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Topic: Lilypad USB Pin 9 goes high without being connected in a circuit (Read 19151 times) previous topic - next topic

womtom

Hello

This is my first arduino project and I was trying to test a simple program that uses pin 14 as an output to an LED and Pin 9 as an input for a button.  The program simply waits for pin 9 to go high when the button is pushed. My issue is that i connect the LED from pin 14 to the negative power port, and when I just touch pin 9 with either my bare finger or a piece of stripped wire the pin acts as if it has gone high and runs the program to blink the LED for roughly 5 seconds and then stop.  So I know that my program sort of works, but I am unsure why pin 9 goes high when it is not connected to the negative port on the board and is activated when touched by a finger or wire in my hand.  If need be I can post my code on this thread.  Any help would be much appreciated.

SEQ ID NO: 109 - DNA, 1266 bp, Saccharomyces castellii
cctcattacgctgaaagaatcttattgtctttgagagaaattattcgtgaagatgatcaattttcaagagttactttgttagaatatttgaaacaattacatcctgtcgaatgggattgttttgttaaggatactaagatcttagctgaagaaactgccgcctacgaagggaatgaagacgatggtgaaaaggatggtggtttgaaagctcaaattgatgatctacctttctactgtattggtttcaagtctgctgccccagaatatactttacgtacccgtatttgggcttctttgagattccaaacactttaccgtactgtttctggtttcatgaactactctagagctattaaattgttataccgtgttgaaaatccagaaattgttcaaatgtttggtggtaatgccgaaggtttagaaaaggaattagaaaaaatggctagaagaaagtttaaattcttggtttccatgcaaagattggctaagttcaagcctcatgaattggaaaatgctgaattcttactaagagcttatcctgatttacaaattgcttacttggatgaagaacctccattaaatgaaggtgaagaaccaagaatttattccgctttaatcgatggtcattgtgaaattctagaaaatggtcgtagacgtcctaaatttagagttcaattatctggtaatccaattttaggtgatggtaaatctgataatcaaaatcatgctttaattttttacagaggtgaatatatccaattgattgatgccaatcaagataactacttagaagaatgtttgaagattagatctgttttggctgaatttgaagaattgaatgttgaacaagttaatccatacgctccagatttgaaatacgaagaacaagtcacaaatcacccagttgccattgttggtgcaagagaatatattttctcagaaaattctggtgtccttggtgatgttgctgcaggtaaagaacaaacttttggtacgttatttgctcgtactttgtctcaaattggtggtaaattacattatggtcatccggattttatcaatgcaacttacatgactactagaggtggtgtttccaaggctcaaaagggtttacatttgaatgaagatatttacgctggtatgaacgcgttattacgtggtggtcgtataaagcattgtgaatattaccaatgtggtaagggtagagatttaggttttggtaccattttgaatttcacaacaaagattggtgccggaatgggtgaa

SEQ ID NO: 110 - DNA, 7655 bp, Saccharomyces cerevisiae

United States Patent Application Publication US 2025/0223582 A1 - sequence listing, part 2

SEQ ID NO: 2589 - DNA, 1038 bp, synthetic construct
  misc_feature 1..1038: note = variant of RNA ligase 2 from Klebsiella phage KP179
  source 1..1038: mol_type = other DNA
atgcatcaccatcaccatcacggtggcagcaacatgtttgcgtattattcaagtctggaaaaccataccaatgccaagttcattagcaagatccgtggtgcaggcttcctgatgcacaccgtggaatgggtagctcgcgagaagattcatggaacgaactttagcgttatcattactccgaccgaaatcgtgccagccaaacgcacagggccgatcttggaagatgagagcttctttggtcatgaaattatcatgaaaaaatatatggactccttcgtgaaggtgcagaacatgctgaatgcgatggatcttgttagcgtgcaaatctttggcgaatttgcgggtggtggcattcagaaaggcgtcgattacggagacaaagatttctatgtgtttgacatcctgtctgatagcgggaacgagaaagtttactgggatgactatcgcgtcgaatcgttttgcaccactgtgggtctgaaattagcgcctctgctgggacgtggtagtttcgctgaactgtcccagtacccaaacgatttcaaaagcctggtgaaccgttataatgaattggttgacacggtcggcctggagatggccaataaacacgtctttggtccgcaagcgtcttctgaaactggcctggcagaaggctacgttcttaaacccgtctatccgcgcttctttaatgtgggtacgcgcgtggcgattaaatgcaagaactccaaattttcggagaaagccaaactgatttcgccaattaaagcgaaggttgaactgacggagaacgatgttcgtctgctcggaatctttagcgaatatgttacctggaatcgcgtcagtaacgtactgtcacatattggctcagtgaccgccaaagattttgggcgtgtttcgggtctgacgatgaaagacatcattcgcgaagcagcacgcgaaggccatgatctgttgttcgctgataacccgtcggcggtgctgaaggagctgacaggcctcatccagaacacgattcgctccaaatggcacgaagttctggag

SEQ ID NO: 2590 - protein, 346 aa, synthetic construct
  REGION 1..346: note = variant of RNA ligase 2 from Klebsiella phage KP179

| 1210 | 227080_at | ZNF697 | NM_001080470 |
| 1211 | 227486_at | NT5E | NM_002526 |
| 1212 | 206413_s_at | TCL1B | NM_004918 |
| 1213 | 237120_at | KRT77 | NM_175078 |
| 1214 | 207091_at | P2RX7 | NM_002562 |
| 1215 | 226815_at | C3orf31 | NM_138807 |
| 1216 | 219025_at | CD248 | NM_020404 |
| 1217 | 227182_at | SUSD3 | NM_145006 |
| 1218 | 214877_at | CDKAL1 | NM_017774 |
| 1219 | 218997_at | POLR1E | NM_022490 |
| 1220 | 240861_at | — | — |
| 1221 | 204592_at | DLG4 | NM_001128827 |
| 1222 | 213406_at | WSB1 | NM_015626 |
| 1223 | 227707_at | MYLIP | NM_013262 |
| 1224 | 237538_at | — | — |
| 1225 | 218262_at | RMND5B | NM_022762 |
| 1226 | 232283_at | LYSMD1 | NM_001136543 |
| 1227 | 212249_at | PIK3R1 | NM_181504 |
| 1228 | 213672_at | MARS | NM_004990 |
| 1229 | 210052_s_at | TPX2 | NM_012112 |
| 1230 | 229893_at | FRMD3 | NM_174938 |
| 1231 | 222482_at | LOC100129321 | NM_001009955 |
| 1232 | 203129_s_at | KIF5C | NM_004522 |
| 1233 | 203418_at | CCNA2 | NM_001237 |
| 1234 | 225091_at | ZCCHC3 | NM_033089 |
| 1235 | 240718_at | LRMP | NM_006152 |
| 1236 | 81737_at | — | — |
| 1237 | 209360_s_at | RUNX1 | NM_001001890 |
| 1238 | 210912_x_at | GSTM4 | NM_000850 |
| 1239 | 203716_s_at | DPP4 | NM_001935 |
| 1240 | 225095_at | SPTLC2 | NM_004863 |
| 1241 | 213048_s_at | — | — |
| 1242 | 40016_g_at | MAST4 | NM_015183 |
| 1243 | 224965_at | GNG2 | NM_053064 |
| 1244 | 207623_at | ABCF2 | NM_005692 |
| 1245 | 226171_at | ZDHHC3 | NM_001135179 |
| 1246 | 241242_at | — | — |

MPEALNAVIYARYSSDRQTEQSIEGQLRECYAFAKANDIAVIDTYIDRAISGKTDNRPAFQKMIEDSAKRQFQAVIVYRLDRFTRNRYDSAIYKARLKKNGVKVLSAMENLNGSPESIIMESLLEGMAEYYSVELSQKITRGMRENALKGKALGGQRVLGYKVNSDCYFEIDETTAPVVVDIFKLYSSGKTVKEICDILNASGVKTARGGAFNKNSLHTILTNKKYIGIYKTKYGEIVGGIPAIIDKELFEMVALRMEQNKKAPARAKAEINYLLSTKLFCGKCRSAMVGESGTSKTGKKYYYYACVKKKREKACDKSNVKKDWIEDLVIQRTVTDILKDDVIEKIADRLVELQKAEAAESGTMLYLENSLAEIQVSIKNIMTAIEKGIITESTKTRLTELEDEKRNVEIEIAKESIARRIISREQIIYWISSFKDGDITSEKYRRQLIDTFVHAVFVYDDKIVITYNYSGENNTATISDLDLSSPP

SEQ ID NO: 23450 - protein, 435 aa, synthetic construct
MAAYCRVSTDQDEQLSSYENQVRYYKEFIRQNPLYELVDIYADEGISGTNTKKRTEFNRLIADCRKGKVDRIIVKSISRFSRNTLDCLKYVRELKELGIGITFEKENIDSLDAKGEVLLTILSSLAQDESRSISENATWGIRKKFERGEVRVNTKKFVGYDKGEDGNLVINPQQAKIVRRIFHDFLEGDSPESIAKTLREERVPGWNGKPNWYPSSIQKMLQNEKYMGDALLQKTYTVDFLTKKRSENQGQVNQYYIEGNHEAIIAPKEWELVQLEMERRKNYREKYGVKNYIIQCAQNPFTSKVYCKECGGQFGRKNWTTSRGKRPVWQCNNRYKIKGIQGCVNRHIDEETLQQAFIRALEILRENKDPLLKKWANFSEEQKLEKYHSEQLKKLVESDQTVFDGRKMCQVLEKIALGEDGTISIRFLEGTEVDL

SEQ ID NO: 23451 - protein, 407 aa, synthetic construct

-womtom

Runaway Pancake


but I am unsure why pin 9 goes high when it is not connected to the negative port on the board and is activated when touched by a finger or wire in my hand.


You're coupling "stray AC" (it's all around us, everywhere) into the input pin.
"Hello, I must be going..."
"You gotta fight -- for your right -- to party!"
Don't react - Read.
"Who is like unto the beast? who is able to make war with him?"


charliesixpack

Your body acts as a big capacitor and it can be charged to a quite high voltage.  You have no doubt noticed that you can produce a spark by touching a grounded object after you have walked across a rug.

leibniz81

As Grumpy-Mike says add a pull down or up resistor to avoid the false high states

CrossRoads

Use the internal pullup, and look for a low instead:
Code: [Select]

pinMode (9, INPUT_PULLUP);

then
if (digitalRead (9, LOW){
// do whatever
}
Designing & building electrical circuits for over 25 years.  Screw Shield for Mega/Due/Uno,  Bobuino with ATMega1284P, & other '328P & '1284P creations & offerings at  my website.

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